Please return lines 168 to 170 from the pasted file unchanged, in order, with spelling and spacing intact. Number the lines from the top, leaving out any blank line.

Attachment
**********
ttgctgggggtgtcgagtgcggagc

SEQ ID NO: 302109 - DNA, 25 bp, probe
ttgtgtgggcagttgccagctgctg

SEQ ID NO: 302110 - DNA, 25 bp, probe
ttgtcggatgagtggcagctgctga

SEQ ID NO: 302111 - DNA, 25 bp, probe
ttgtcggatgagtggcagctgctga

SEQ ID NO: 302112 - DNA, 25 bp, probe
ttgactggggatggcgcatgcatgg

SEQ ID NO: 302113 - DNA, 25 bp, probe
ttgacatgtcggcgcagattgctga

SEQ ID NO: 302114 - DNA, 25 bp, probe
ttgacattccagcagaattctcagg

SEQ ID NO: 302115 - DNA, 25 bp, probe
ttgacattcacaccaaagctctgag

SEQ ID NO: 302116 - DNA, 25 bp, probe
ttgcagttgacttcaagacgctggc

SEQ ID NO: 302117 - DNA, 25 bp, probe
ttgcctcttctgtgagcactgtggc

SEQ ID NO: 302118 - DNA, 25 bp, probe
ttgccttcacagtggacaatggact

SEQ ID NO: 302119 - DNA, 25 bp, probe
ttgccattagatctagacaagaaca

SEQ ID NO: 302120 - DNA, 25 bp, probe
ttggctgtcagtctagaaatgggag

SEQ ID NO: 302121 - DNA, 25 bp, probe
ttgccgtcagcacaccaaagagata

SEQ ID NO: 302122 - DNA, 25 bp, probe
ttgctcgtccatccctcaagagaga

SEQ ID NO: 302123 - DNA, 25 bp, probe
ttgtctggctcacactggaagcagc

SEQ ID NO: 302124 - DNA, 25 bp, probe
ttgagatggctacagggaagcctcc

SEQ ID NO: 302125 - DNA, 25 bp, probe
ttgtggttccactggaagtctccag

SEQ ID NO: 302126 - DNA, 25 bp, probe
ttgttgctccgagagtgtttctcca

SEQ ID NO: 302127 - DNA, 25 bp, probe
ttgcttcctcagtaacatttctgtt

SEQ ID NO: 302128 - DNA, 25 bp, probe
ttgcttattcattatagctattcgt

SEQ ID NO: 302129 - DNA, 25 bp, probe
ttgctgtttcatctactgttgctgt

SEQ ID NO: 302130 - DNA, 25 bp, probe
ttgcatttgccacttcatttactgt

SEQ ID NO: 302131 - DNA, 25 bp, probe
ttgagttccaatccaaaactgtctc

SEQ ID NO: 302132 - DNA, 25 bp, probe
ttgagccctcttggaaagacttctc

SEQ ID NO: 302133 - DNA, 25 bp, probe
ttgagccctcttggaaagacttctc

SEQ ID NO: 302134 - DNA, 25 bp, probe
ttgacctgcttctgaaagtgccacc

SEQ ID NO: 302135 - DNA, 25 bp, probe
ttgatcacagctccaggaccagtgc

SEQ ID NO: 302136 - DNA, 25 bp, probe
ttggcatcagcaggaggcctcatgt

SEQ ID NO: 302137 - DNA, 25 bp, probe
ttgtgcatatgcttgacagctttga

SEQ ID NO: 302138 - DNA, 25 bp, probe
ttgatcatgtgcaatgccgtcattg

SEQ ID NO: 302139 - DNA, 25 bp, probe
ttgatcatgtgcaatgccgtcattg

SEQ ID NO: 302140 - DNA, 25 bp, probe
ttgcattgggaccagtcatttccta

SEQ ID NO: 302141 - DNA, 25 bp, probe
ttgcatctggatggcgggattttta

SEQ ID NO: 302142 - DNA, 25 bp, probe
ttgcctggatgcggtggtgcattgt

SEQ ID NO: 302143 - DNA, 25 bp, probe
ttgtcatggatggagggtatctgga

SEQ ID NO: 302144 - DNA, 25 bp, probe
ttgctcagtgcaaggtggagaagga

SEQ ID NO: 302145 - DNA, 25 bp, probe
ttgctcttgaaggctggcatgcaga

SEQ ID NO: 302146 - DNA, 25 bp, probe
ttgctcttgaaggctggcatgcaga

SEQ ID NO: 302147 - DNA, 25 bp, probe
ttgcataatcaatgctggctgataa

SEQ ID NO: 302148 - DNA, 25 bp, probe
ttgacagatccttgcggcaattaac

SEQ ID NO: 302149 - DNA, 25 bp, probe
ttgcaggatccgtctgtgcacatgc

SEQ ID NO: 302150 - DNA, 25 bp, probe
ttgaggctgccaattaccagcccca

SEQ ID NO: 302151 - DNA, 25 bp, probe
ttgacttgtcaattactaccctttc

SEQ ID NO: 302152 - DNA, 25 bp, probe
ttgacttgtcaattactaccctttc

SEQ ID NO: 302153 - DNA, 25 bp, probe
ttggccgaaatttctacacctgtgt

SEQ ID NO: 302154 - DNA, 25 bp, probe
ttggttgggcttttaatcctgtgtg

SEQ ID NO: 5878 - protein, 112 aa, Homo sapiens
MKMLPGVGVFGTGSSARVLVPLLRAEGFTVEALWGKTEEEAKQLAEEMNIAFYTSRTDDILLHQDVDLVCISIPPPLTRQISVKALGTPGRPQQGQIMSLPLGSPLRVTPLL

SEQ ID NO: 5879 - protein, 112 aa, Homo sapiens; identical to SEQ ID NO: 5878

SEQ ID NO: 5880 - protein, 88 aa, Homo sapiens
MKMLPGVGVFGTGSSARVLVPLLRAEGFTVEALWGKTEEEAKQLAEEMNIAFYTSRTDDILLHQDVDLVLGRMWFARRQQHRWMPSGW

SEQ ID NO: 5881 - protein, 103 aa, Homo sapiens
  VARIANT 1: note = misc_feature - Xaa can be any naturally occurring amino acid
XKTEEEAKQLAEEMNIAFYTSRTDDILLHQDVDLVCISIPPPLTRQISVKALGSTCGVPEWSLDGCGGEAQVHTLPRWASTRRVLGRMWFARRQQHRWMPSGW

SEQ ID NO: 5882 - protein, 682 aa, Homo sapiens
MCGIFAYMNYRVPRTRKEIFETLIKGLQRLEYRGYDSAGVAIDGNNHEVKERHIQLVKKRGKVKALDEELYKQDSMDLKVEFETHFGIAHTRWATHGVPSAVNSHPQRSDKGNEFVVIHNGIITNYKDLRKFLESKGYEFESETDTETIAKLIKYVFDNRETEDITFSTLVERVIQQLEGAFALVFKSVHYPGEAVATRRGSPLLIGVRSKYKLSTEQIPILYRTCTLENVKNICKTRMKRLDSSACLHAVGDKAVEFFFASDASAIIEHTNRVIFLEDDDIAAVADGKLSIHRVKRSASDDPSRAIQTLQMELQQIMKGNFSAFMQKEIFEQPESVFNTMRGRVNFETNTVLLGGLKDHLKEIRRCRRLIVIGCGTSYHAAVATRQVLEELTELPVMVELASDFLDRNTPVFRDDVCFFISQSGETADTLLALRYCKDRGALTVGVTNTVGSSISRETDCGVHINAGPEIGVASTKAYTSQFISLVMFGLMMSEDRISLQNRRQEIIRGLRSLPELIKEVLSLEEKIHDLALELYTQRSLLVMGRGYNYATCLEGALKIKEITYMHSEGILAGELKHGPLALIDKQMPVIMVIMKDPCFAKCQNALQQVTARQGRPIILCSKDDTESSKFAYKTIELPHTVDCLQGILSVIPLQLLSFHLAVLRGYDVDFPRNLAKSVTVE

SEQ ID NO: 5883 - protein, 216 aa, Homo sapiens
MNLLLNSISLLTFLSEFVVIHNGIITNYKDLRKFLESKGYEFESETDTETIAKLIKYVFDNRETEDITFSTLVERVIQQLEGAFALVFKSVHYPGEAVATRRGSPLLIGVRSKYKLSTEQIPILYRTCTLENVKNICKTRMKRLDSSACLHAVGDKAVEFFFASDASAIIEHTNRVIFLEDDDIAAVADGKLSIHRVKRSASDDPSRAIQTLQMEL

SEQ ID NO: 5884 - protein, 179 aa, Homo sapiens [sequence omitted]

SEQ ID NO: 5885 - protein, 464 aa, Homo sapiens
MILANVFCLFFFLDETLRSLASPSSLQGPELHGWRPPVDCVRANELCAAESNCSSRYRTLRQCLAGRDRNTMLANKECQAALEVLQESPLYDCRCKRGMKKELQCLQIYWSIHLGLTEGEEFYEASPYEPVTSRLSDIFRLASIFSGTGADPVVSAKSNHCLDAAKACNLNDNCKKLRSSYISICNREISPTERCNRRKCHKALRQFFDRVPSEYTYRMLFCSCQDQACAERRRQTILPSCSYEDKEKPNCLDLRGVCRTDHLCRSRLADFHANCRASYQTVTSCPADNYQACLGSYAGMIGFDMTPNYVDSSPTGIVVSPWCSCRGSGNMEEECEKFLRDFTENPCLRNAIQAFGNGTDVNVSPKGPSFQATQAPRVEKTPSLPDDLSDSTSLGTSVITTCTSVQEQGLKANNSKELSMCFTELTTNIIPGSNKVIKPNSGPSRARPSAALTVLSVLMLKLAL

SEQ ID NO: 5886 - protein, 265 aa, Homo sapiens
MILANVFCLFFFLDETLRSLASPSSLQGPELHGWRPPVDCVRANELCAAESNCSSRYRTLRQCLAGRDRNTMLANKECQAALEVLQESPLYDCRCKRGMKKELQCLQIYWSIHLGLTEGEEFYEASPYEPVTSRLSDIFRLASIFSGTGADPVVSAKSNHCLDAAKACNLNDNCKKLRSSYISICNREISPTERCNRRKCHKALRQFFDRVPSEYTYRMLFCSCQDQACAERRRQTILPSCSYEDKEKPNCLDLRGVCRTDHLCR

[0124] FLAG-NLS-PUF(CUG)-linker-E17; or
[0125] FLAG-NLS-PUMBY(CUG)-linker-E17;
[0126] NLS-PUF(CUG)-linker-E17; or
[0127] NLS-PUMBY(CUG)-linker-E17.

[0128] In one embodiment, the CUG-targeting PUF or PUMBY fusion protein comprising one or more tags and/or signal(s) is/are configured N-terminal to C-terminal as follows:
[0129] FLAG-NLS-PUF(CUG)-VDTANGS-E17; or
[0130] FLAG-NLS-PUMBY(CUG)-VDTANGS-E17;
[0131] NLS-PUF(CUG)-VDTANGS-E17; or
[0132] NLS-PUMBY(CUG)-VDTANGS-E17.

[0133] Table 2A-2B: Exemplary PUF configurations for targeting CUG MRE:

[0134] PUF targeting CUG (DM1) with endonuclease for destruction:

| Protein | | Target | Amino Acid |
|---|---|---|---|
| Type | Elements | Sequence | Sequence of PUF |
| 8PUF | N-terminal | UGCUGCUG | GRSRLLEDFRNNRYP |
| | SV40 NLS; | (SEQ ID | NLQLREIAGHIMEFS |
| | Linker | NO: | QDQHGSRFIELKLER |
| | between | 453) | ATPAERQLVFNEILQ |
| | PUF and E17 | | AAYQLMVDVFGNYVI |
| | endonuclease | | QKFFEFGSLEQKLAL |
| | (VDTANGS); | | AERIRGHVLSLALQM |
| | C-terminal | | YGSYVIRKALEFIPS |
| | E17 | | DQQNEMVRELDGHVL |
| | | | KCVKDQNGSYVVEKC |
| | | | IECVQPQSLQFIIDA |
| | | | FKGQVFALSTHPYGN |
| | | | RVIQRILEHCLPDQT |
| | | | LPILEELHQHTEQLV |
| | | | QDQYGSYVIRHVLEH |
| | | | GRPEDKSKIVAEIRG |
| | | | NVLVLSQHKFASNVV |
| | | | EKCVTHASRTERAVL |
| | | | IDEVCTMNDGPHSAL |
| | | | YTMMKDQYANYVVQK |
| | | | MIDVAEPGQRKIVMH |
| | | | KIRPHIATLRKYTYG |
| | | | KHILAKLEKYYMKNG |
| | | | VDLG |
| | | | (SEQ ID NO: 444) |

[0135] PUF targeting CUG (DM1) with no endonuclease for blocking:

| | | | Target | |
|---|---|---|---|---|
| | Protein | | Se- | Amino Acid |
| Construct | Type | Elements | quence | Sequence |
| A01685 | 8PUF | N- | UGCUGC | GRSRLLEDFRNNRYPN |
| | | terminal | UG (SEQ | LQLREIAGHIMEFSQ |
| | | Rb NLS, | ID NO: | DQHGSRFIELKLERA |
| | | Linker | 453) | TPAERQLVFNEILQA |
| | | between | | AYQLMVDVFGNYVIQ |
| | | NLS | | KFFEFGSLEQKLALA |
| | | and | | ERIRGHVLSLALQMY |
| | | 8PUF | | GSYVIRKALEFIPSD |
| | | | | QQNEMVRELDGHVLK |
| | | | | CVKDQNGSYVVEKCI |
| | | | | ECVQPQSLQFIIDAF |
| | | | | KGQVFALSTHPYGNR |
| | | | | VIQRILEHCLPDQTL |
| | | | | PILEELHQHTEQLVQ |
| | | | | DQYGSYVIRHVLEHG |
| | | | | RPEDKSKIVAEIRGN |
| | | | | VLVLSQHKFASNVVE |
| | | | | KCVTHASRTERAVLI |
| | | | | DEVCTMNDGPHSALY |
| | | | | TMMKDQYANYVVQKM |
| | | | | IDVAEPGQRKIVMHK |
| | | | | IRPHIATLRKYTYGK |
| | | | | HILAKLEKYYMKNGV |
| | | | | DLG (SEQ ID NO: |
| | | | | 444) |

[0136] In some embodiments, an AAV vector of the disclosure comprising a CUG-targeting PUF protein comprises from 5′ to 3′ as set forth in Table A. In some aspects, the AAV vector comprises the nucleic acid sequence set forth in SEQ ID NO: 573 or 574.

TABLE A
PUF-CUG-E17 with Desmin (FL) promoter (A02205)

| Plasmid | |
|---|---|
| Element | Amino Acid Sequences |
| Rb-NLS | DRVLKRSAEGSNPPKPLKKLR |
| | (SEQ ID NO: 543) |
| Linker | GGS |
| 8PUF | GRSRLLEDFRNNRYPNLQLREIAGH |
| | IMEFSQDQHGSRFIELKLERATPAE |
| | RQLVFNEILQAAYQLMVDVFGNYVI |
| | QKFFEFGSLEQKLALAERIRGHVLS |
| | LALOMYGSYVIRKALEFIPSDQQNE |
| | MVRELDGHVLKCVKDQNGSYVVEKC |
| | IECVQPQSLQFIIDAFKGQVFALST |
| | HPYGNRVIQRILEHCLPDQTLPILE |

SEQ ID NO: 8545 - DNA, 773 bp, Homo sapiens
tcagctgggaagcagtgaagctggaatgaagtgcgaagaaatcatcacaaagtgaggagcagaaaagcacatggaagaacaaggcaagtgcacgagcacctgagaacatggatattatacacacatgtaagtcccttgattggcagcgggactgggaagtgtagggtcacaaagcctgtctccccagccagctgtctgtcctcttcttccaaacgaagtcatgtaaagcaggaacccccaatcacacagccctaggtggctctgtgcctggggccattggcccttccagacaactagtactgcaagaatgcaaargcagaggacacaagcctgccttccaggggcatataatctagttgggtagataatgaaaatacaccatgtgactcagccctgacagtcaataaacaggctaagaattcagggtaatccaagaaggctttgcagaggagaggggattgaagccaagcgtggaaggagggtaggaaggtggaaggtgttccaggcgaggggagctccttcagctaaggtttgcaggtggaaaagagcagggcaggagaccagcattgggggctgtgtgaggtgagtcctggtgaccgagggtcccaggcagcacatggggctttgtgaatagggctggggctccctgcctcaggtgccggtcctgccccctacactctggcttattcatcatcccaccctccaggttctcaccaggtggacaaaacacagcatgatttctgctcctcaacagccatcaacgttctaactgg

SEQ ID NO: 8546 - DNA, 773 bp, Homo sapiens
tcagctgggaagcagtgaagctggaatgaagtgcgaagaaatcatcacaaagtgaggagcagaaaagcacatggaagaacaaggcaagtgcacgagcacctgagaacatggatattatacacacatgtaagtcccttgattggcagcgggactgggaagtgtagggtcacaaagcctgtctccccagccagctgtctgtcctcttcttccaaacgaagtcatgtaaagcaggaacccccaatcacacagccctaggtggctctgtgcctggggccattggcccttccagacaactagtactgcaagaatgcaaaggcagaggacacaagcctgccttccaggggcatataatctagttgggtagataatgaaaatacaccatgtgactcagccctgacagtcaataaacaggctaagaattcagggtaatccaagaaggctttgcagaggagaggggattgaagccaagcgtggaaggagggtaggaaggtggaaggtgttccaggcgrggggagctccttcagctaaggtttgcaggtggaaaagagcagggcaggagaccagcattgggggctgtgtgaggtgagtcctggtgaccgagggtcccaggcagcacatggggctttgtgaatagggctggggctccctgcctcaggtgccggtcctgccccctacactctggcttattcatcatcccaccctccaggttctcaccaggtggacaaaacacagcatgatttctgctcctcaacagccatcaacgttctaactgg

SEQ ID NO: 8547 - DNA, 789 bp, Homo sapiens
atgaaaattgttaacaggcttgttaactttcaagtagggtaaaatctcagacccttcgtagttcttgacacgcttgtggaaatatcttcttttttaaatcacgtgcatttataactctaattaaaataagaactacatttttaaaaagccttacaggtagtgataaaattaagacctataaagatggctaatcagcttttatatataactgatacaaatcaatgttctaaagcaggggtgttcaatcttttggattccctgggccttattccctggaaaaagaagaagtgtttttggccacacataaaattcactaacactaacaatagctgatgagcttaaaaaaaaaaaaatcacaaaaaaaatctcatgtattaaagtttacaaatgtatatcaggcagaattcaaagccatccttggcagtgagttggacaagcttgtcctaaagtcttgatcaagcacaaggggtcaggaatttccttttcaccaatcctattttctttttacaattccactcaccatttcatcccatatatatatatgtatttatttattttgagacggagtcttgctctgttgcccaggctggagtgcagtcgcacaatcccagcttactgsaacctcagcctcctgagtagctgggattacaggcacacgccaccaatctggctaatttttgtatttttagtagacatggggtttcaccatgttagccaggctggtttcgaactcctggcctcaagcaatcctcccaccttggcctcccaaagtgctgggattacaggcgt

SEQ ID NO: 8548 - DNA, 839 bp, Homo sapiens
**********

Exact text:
| | | | | PILEELHQHTEQLVQ |
| | | | | DQYGSYVIRHVLEHG |
| | | | | RPEDKSKIVAEIRGN |